With Tom Bertram gone, Miss Crawford shifts her attentions elsewhere. Mr. Rushworth arrives motivated to improve his estate at Sotherton. Aunt Norris and Dr. Grant debate the charms of a Moor Park apricot! Sotherton improvements are discussed further and removing the avenue is proposed which alarms Fanny who quotes Cowper, ‘Ye fallen avenues, once more I mourn your fate unmerited.’ She expresses a desire to see the avenue before it is cut down. Miss Crawford’s harp is in transit from London, but delayed by the want of a cart in the country during harvest. Edmund is taken aback by some of Mary Crawford’s wild speeches about her uncle the Admiral. Mrs. Grant brags about the improvements that her brother Henry Crawford made to his estate Everingham, and Julia Bertram suggests he advise Mr. Rushworth with his plans for Sotherton. Mrs. Norris sees her niece’s anxieties in Henry Crawford being separated from them and suggests that they should all go to Sotherton, except for Fanny who must attend to Lady Bertram, and it is agreed to make an excursion of it.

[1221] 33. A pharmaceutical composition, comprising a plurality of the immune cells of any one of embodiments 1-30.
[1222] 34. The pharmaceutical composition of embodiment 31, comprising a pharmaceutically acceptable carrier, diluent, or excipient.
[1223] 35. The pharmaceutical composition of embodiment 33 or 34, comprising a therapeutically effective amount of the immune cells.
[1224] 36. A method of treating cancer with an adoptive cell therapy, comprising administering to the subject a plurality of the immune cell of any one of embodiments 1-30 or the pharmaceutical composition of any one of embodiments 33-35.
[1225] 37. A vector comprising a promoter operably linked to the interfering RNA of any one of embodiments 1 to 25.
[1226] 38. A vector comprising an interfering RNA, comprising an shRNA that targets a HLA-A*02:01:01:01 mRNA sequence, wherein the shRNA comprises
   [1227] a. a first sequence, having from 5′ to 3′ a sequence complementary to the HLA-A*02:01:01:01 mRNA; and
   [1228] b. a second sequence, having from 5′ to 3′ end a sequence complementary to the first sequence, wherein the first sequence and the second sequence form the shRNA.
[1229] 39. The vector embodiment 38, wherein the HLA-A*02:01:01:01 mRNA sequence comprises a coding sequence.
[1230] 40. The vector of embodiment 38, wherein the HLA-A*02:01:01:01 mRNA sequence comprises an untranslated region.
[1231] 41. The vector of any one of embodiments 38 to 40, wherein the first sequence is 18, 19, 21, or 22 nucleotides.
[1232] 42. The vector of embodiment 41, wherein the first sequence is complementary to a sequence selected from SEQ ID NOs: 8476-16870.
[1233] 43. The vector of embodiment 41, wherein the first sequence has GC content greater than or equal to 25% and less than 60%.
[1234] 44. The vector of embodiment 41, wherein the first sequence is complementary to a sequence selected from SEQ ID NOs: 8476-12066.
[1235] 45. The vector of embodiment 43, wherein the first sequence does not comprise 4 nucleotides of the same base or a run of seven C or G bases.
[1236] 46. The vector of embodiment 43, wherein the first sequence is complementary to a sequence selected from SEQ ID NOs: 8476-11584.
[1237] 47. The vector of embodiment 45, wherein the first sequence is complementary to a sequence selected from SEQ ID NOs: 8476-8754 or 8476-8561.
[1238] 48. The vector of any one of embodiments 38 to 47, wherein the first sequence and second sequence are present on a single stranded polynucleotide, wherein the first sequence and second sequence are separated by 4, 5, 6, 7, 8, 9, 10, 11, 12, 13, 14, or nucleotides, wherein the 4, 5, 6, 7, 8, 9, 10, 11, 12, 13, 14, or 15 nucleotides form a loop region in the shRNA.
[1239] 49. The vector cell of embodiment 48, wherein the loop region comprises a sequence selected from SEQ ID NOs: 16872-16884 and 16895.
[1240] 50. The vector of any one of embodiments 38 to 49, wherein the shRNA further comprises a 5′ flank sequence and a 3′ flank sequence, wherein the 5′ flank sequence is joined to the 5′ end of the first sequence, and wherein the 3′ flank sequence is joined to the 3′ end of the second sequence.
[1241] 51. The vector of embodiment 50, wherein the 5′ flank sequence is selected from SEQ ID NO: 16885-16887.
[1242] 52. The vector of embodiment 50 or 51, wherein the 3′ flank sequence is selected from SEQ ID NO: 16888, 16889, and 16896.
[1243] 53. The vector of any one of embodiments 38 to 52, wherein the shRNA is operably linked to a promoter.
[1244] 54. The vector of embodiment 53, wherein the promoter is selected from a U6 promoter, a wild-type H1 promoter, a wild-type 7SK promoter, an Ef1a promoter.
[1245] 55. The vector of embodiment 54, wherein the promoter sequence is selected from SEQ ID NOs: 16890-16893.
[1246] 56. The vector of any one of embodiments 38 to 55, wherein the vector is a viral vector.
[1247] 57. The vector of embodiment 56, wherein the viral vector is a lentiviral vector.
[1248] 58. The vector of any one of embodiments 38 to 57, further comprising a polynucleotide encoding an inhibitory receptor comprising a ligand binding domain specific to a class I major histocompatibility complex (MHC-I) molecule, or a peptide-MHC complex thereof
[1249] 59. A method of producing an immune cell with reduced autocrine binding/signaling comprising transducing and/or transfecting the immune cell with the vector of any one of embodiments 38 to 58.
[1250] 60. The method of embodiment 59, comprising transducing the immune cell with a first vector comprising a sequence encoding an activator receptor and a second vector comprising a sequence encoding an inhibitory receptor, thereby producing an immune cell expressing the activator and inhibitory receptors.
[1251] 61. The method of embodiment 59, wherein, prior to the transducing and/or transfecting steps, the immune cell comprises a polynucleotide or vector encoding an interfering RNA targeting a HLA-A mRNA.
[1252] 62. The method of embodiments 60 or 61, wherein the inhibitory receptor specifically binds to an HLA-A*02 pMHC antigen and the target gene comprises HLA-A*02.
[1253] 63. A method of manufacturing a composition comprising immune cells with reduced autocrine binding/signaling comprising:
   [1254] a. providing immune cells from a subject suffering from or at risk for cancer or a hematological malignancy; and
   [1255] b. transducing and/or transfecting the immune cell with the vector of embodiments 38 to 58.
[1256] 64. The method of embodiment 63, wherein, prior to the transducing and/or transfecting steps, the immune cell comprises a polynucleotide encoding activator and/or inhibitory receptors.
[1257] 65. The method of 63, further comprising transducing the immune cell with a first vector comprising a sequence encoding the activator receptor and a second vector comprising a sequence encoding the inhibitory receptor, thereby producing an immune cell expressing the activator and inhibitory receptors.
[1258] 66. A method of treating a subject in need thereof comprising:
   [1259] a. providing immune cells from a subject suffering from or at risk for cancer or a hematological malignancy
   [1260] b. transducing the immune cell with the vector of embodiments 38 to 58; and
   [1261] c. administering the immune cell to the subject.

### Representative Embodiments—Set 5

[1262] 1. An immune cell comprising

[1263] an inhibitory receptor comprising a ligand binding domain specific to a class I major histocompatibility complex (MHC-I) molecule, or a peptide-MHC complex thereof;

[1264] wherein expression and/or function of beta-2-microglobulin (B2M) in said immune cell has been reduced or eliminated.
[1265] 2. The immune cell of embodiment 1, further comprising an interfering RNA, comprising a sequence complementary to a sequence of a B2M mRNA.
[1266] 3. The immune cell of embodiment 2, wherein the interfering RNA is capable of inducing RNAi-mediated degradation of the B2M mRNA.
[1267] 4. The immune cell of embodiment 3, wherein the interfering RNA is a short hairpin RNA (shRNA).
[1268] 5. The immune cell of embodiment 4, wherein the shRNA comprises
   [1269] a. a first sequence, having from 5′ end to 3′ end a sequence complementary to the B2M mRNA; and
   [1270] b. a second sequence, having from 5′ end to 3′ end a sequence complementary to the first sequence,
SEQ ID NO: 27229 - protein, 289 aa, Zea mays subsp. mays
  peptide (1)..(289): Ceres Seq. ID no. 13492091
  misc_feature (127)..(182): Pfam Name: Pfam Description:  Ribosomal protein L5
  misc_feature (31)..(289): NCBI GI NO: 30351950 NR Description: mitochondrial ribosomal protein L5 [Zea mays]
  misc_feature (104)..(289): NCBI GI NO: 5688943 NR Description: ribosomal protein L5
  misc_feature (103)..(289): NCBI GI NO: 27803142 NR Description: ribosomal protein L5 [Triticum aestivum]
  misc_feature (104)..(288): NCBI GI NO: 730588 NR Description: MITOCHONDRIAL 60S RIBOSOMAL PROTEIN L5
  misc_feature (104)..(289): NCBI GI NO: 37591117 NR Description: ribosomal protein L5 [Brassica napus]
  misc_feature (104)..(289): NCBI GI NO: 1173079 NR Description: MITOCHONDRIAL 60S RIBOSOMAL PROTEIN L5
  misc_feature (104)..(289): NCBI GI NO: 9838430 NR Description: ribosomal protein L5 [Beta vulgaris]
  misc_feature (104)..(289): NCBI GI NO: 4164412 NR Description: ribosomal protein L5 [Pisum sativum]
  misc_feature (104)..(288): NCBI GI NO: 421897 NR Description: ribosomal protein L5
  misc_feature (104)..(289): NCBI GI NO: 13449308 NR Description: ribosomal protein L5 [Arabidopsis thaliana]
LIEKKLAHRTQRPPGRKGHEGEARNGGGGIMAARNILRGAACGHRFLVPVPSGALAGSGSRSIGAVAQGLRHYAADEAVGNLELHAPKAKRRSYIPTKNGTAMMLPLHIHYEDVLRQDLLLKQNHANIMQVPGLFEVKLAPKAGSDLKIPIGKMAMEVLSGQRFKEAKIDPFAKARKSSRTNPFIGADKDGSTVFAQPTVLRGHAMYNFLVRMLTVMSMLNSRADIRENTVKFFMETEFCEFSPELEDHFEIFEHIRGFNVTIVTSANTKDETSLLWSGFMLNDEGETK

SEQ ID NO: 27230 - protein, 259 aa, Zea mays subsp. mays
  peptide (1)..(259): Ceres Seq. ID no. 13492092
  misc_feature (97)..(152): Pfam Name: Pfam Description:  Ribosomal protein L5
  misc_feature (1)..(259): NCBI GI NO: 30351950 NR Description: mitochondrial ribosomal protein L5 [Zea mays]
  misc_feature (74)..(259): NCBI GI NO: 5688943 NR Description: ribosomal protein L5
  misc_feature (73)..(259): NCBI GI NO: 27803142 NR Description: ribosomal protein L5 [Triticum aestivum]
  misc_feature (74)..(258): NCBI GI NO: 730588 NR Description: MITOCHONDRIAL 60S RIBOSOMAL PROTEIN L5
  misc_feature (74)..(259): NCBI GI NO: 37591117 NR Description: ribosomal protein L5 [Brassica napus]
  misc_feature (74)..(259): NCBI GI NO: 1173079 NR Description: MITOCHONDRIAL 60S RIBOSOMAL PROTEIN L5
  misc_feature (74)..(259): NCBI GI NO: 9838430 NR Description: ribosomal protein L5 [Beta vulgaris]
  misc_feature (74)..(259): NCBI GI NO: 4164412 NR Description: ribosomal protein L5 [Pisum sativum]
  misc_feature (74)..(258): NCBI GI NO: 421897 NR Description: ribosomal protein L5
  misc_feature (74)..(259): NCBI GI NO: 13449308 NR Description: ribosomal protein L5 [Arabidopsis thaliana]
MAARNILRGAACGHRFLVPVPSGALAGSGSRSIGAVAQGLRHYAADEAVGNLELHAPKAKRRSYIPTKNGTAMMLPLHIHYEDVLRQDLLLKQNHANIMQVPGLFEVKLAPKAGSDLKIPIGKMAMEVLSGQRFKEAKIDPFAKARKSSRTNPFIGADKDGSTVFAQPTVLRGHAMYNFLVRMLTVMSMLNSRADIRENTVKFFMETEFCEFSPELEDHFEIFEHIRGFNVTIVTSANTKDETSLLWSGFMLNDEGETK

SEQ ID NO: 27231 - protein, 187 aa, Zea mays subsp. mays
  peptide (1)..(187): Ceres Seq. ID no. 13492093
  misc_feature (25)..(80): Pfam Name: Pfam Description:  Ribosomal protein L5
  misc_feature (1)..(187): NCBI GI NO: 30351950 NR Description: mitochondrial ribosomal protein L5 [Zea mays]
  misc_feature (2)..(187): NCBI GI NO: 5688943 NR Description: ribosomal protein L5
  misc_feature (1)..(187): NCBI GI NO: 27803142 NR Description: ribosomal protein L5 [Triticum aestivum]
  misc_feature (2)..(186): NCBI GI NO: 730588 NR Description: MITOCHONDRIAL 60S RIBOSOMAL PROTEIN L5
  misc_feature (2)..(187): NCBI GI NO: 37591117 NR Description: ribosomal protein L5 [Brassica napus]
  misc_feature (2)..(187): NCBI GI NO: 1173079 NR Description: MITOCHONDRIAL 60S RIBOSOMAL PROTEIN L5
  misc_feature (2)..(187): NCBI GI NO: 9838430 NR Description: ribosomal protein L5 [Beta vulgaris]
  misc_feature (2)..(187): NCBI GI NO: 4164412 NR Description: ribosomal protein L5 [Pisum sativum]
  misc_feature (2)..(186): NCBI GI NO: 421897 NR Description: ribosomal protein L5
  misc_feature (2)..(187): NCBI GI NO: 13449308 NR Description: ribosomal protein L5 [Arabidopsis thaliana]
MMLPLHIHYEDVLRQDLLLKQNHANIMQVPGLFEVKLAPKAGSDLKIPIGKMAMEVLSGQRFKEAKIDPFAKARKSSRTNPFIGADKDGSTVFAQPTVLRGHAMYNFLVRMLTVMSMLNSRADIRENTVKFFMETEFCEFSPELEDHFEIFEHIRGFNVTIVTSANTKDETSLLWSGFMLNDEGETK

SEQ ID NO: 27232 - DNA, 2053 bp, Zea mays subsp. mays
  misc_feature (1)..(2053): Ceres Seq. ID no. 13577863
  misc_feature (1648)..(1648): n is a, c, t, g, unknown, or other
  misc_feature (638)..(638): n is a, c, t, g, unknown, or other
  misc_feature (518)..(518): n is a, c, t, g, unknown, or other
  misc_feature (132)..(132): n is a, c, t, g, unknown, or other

Edmund and Fanny discuss Mary Crawford and find her beautiful but very indecorous, and lacking restraint with her speech against her uncle the Admiral. Fanny blames her behavior on Mary’s upbringing. Edmund easily agrees, and thinks her present living situation with a Reverend will improve her. Mary’s harp arrives. Edmund visits daily and her charms and beauty are heightened in his eyes and after a week he is in love. Fanny is concerned that he no longer sees her faults. Edmund teaches Mary Crawford to ride, so Fanny’s horse is appropriated and she must share the mount. Mary keeps Fanny waiting for her turn longer than arranged. Fanny feels miffed. Everyone celebrates Mary’s horsemanship and longer rides are proposed in showing her the countryside for several days. Fanny is left out and gets no exercise. Edmund and Julia are invited to dine at the parsonage. Maria is excluded because of fiancé Mr. Rushworth’s pending arrival. Maria is vexed. Fanny is fatigued from cutting roses in the sun and running two errands to Aunt Norris’ house in the heat. Aunt Norris blames Fanny for being out of shape from no exercise lately. Edmund is vexed at his aunt and mother for using her so ill, but angry at himself for forgetting his cousin. Fanny chastises herself for “struggling against discontent and envy for some days past.” Everyone is miffed.